Album Review: Indie band Animal Collective pushes bounds, redefines sound on new album

Following numerous side projects released by Animal Collective, an experimental indie-pop outfit from Baltimore, Md., their ninth studio album, Merriweather Post Pavilion, finally hit the shelves on Jan. 20.

Animal Collective has set a new standard for the entire indie genre. Merriweather Post Pavilion is easily their best work to date and the culmination of their 9-year career as a band.

The Baltimore foursome incorporated driving synth beats reminiscent of Radiohead, haunting vocals like those of The Shins' James Russell Mercer and the cyclic sampling found in the best works of the hip-hop genre to create an electronic indie-pop masterwork.

Merriweather Post Pavilion contains 11 stellar yet strange tracks ranging from the slow trance chanting of "Also Frightened" to the Caribbean-tinged psycho freak-out, "Brother Sport" to the upbeat staccato wonderment of "Bluish."

The songs drift toward the weird more often than not, but usually to great effect. All the songs contain unique elements that come together to make Merriweather Post Pavilion a must-have album.

Undoubtedly the best track on the album is the repetitive "My Girls," a head-thumping song complete with hip-hop samples, falsetto singing, late '80s synthesizers and hand clapping.

Other highlights include the immensely fun didgeridoo-laced "Lion in a Coma," and "Guys Eyes," a song complete with African drums and jungle noises (think of Paul Simon's Graceland).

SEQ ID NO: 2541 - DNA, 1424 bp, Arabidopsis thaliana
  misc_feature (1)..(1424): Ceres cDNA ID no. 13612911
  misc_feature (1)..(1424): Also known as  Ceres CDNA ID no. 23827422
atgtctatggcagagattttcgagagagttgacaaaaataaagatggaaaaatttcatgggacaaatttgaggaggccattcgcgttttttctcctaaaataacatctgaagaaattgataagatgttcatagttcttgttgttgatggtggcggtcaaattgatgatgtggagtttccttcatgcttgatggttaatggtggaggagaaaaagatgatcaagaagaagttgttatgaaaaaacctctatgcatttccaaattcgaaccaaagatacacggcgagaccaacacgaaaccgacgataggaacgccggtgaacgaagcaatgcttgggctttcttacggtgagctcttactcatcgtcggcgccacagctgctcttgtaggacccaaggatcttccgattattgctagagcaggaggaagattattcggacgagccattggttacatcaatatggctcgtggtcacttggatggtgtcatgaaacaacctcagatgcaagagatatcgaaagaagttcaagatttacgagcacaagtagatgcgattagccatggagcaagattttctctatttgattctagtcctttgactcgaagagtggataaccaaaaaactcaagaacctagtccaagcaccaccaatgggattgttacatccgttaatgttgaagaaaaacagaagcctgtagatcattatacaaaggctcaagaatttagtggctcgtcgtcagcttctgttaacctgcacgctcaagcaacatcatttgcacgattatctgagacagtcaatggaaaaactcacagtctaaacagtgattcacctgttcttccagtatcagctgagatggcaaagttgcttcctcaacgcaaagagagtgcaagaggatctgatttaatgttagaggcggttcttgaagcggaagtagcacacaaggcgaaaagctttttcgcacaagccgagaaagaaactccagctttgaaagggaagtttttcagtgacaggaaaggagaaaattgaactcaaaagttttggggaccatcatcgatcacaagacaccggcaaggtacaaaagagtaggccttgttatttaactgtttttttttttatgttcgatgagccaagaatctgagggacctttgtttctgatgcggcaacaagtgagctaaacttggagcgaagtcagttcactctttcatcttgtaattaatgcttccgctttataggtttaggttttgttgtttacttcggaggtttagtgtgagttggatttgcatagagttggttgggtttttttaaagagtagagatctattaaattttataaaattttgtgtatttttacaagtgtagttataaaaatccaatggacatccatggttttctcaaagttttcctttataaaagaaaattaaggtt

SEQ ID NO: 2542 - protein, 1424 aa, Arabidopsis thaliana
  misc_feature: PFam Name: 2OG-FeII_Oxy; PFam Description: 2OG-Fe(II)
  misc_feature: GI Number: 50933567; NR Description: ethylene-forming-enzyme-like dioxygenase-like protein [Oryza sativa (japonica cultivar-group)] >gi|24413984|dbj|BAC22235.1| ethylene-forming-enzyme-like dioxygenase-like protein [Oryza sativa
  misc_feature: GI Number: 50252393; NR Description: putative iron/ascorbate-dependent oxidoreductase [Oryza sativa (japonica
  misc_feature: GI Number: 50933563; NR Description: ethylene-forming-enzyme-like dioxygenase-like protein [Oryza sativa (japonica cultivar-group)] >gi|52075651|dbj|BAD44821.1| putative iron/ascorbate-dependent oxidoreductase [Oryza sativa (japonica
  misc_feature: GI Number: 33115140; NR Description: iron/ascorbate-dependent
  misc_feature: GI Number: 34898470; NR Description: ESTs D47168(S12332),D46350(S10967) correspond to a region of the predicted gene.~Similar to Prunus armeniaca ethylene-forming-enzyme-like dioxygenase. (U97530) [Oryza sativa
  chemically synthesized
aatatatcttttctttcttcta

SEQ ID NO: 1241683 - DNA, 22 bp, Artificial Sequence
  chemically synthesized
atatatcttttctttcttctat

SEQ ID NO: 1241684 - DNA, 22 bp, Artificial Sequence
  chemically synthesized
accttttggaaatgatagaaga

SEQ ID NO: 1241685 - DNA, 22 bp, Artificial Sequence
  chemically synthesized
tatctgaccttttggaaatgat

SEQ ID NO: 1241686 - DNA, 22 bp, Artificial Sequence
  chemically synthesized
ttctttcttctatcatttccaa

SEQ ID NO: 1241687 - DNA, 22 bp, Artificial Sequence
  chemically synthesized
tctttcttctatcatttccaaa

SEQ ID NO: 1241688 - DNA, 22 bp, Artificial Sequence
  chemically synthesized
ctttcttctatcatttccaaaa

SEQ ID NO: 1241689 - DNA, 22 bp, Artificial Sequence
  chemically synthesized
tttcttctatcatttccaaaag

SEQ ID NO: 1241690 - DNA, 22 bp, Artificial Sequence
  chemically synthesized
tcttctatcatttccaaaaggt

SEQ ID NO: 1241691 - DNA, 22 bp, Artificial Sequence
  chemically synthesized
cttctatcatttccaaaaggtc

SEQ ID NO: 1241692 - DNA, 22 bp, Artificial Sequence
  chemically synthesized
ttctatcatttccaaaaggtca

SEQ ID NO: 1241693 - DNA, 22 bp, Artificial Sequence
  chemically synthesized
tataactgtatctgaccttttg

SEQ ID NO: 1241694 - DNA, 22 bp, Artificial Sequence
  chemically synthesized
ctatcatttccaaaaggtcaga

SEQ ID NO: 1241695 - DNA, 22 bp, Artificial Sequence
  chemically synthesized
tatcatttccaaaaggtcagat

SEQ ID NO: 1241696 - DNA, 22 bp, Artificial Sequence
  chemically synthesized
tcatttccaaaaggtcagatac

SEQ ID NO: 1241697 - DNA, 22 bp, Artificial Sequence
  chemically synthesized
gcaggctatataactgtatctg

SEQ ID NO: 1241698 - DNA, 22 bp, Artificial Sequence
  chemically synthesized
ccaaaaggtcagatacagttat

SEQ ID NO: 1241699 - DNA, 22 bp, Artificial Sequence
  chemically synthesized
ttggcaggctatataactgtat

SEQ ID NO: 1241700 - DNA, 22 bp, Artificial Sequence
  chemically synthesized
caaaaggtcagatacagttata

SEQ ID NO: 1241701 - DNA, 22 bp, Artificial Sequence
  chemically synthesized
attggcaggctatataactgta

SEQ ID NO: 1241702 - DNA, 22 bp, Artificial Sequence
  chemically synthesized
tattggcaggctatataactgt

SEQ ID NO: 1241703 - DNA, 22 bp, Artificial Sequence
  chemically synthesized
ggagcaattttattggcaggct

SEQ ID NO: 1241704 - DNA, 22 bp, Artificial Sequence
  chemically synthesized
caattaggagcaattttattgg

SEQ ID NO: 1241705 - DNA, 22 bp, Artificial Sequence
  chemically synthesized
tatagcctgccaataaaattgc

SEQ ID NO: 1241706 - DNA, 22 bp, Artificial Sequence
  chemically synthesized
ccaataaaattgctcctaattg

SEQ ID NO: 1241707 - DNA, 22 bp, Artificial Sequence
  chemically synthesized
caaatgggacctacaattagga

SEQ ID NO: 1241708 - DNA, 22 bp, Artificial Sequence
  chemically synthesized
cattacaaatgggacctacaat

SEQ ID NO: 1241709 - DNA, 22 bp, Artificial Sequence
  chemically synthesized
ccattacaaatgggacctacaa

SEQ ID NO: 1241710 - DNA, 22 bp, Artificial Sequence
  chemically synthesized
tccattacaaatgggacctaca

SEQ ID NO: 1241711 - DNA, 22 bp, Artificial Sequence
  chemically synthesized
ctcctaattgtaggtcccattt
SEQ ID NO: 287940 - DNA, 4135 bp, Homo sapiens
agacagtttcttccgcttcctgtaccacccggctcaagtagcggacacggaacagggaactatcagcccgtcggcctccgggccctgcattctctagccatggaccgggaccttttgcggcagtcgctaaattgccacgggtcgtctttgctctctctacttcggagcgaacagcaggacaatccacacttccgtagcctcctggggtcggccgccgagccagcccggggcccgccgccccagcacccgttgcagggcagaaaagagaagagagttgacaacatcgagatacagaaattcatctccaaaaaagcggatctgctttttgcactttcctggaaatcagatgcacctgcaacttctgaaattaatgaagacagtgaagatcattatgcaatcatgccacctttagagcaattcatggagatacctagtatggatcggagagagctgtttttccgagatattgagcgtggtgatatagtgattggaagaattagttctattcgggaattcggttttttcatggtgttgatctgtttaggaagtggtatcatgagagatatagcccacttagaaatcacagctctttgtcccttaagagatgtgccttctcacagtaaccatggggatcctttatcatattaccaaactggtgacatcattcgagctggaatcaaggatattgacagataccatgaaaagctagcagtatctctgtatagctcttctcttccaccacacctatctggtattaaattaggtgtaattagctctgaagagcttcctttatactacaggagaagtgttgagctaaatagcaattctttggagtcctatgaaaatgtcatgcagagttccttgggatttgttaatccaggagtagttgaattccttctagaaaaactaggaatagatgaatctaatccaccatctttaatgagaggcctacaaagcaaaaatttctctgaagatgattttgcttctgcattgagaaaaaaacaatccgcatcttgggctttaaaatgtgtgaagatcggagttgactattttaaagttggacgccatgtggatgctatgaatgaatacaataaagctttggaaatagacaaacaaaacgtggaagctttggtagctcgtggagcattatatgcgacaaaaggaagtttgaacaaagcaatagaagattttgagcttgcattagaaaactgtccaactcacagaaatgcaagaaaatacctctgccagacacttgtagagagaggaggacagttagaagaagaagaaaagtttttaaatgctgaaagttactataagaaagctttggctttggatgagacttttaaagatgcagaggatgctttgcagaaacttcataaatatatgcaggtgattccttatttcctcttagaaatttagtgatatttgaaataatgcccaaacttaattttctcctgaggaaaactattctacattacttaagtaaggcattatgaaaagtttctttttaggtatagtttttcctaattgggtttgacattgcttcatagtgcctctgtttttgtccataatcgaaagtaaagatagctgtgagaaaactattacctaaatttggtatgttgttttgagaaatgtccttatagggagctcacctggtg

Each of the songs can easily stand on their own as singles, but where Animal Collective really stands out among the crowded field of indie-pop is in the cohesiveness of the album as a whole.

Each song has been painstakingly placed in a deliberate order to complement each other. From the very first track, it is obvious that the members of Animal Collective are masters of studio producing.

There are several points in Merriweather Post Pavilion, however, where Animal Collective gets a little too weird for their own good.

Low points in the album include the essentially boring "Taste," which oddly resembles a musical merry-go-round, and the Valium-laden "No More Runnin," a song sounding more like a ghostly wail than anything else.

But unlike most albums, Merriweather Post Pavilion is not content to stay still; it refuses to maintain the numbing low of the respectably sleep-inducing OK Computer by Radiohead, nor the overbearing high of the ADD-riddled Franz Ferdinand's You Could Have It So Much Better.

Instead the album effectively takes numerous turns, altering the tone, feeling and instrumentation to create a fluid listening experience that should not be missed.

From crushing lows to exhilarating highs, Animal Collective's Merriweather Post Pavilion is a great ride of the success that will serve as a formidable challenge to future releases within the indie genre.